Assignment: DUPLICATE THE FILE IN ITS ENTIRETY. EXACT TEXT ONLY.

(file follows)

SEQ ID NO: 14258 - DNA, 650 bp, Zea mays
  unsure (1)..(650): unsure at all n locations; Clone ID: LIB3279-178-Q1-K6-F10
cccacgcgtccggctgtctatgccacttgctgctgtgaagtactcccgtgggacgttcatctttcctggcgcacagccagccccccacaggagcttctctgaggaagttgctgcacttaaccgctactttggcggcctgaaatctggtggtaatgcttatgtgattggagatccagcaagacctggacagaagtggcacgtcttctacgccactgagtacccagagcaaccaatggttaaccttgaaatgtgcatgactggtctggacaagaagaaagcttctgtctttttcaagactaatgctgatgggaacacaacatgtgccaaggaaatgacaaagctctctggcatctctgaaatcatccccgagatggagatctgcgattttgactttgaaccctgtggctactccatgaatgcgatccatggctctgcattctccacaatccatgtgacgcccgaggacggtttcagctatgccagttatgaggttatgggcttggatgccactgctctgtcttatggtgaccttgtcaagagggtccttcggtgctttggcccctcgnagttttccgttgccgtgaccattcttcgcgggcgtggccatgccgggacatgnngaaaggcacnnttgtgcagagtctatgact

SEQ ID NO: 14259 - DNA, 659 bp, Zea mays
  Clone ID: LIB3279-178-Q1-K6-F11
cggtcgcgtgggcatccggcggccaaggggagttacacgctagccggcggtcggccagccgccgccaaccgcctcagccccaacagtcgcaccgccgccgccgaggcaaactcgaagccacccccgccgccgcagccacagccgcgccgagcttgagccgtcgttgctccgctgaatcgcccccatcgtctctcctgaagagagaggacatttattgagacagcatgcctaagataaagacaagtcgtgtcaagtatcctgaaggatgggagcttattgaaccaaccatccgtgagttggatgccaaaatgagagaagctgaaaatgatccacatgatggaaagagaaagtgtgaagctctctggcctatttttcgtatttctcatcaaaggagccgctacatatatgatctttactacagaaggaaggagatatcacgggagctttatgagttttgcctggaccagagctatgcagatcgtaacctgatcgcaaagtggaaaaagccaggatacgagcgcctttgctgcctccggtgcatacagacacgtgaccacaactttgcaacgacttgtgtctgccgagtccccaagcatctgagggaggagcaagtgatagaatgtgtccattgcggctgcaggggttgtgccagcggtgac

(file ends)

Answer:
SEQ ID NO: 14258 - DNA, 650 bp, Zea mays
  unsure (1)..(650): unsure at all n locations; Clone ID: LIB3279-178-Q1-K6-F10
cccacgcgtccggctgtctatgccacttgctgctgtgaagtactcccgtgggacgttcatctttcctggcgcacagccagccccccacaggagcttctctgaggaagttgctgcacttaaccgctactttggcggcctgaaatctggtggtaatgcttatgtgattggagatccagcaagacctggacagaagtggcacgtcttctacgccactgagtacccagagcaaccaatggttaaccttgaaatgtgcatgactggtctggacaagaagaaagcttctgtctttttcaagactaatgctgatgggaacacaacatgtgccaaggaaatgacaaagctctctggcatctctgaaatcatccccgagatggagatctgcgattttgactttgaaccctgtggctactccatgaatgcgatccatggctctgcattctccacaatccatgtgacgcccgaggacggtttcagctatgccagttatgaggttatgggcttggatgccactgctctgtcttatggtgaccttgtcaagagggtccttcggtgctttggcccctcgnagttttccgttgccgtgaccattcttcgcgggcgtggccatgccgggacatgnngaaaggcacnnttgtgcagagtctatgact

SEQ ID NO: 14259 - DNA, 659 bp, Zea mays
  Clone ID: LIB3279-178-Q1-K6-F11
cggtcgcgtgggcatccggcggccaaggggagttacacgctagccggcggtcggccagccgccgccaaccgcctcagccccaacagtcgcaccgccgccgccgaggcaaactcgaagccacccccgccgccgcagccacagccgcgccgagcttgagccgtcgttgctccgctgaatcgcccccatcgtctctcctgaagagagaggacatttattgagacagcatgcctaagataaagacaagtcgtgtcaagtatcctgaaggatgggagcttattgaaccaaccatccgtgagttggatgccaaaatgagagaagctgaaaatgatccacatgatggaaagagaaagtgtgaagctctctggcctatttttcgtatttctcatcaaaggagccgctacatatatgatctttactacagaaggaaggagatatcacgggagctttatgagttttgcctggaccagagctatgcagatcgtaacctgatcgcaaagtggaaaaagccaggatacgagcgcctttgctgcctccggtgcatacagacacgtgaccacaactttgcaacgacttgtgtctgccgagtccccaagcatctgagggaggagcaagtgatagaatgtgtccattgcggctgcaggggttgtgccagcggtgac